by Alma Toroian Raymond (Dabat, Addis Ababa, Asmara 67–69)
We started looking for Nasser, our former student in Ethiopia, in July 2008 after we discovered on the Ethiopia & Eritrea RPCVs’ website a listing of other Volunteers in Dabat, the town where we served. We located one of those Volunteers in Columbus, Ohio after entering his name in a Google search and finding a church bulletin announcing that he and his wife would be addressing the congregation regarding their work in Dabat, Ethiopia, our teaching site.
Bill Hershey (Dabat 68–70) answered my first email and put us in touch with one of his former Dabat students, Abraham Dere Beyene, who was living in Atlanta. Abraham remembered us from our days in Dabat and said he would attempt to find Nasser.
On Christmas Eve of 2008, we received a letter from Abraham with an email address for a Nasser M. Kutabish. To ensure that this was indeed our former student, I sent Nasser a photo of the girls in his 8th grade class on December 26th, and asked him to tell me their names and how they were at the time he last saw them. The following morning, I went to my email as usual and was astounded to find an email from Nasser. He was elated to have heard from us, had all the right answers about the girls, and remembered the words to the songs my husband, Doug, had taught in music class. Nasser also included a photo of himself along with his excellent 8th grade final exam scores. It was the best Christmas present that we had ever received. We were all overjoyed at finding each other.
Arriving in Ethiopia
The first time Doug and I flew into Ethiopia was in 1967 on a Pan Am plane loaded with fresh Peace Corps recruits. This time it was 2012 with an Ethiopian Airlines plane loaded with 100 Returned Volunteers who were returning to Ethiopia in commemoration of the 50th anniversary of the arrival of the first Volunteers in Ethiopia. I recall having seen the Nile from my window seat in 1967. I didn’t see the Nile on this trip, but it was obvious that we were flying over Ethiopia — the view of the countryside revealed cultivated fields, green land, villages with some farm buildings and an occasional mud and stick tukul.
We passed over the Simien Mountains of Northern Ethiopia. There were farms on every plateau, each separated from others by thousands of feet of rugged canyons. I could only imagine how difficult it would be to take crops to market or to visit anyone from the next plateau. I recalled that Ethiopians call across great distances to greet neighbors or share information.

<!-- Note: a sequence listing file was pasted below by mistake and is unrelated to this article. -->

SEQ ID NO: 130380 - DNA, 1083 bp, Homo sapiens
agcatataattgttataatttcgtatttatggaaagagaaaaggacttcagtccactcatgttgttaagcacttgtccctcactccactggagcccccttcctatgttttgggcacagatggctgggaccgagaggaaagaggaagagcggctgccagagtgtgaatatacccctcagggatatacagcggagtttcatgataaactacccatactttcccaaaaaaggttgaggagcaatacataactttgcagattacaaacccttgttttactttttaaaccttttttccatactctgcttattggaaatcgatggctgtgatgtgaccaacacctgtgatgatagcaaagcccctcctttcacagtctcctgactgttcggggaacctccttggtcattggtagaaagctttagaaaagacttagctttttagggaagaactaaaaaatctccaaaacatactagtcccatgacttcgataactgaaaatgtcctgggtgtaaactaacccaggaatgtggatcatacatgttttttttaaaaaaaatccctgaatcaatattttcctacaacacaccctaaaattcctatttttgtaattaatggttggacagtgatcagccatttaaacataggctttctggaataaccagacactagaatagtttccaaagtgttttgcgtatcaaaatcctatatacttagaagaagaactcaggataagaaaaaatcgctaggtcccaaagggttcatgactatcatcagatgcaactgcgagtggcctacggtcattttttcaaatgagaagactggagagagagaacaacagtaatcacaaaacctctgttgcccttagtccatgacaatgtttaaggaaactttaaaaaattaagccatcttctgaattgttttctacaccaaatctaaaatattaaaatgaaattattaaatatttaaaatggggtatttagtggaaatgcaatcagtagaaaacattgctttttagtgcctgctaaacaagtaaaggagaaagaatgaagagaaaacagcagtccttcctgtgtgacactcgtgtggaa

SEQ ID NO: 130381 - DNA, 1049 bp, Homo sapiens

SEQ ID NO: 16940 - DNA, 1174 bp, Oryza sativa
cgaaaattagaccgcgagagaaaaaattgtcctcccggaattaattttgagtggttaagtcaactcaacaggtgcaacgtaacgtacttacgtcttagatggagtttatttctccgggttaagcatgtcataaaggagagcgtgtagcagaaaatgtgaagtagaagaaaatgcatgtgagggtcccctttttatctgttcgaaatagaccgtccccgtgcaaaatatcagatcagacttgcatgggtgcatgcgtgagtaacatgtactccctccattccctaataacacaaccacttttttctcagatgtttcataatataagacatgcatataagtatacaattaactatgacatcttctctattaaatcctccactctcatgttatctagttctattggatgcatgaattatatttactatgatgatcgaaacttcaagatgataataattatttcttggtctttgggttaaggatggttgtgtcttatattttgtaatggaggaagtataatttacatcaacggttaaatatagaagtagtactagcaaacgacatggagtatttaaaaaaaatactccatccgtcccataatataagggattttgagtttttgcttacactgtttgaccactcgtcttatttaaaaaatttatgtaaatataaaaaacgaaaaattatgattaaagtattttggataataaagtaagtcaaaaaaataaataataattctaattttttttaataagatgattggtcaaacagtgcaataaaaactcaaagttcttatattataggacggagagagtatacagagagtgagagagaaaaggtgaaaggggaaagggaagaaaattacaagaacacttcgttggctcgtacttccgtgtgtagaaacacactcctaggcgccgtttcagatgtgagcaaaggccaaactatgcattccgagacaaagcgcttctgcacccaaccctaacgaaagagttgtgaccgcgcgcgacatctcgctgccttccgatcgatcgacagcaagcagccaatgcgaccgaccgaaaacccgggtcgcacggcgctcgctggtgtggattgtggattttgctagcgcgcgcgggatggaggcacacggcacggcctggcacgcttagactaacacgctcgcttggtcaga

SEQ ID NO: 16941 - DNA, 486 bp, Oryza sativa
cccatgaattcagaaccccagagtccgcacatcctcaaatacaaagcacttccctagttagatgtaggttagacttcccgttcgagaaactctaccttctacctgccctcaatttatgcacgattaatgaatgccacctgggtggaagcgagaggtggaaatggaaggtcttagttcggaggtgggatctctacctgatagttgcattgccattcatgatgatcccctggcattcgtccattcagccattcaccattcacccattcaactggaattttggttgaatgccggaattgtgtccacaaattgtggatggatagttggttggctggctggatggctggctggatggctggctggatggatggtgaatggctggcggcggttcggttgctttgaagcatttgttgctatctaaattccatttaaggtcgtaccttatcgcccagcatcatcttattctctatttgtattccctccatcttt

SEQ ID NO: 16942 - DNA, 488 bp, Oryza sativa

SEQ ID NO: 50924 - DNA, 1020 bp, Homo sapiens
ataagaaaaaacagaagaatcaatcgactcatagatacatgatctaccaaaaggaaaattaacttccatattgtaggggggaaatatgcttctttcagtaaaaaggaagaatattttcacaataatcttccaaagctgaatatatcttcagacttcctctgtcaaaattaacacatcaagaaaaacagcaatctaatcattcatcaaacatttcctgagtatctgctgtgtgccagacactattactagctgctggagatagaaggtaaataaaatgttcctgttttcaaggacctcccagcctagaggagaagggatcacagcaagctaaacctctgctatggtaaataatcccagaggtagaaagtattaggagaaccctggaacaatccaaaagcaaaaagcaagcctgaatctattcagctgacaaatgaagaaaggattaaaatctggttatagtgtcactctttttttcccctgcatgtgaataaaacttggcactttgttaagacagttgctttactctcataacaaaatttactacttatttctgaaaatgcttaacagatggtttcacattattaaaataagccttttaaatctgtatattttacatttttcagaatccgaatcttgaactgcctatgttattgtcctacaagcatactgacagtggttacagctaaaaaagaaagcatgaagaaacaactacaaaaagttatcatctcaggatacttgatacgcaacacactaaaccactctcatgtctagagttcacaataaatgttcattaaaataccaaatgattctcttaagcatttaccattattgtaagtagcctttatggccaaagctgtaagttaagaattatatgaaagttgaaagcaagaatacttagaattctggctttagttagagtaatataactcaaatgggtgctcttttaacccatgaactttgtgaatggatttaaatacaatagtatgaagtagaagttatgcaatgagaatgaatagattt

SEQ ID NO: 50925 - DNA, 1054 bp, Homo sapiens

Upon landing in Addis Ababa in the daytime, we were met by Peace Corps/Ethiopia Country Director Greg Engle, the press and diplomats. Ethiopian coffee was served along with other refreshments as speeches were made welcoming our arrival. I was in a daze.
Anxious to find Nasser and his wife Zekia, who had traveled together from Yemen to meet us and to spend the next two weeks with us, we left the reception and walked to the front of the airport to see if they were waiting for us inside near the ticketing and arrivals desks. The front doors of the airport were locked and nobody was allowed to enter despite it being in the middle of the day. We rattled doors until it was confirmed that we could not go inside. Then we saw a couple in the distance with bouquets of yellow Meskal flowers hurrying from the parking lot toward the airport. We hadn’t seen Nasser in 45 years, but he was totally recognizable. We had a wonderful reunion and met his beautiful wife Zekia for the first time.
From that moment, our Ethiopian adventure began.
Our first days in Ethiopia
It was 45 years ago when we said farewell to Nasser as we boarded a bus and left Dabat. During the Red Terror — that began in the mid-’70s — his father moved the family for their safety to Sana’a, Yemen from which their ancestors had emigrated. Now Nasser is a successful businessman, has a wonderful wife, and is the patriarch of a large family.
Nasser had hired a van with a driver named Hailu who always kept the van nearby where he waited, cell phone in hand, for a call from Nasser. Hailu drove us from the airport to the very impressive Radisson Blu Hotel in Addis. The lobby of the Radisson was resonant with the joy of newly arrived former Peace Corps Volunteers visiting with their former students — mere teenagers the last time we had seen them.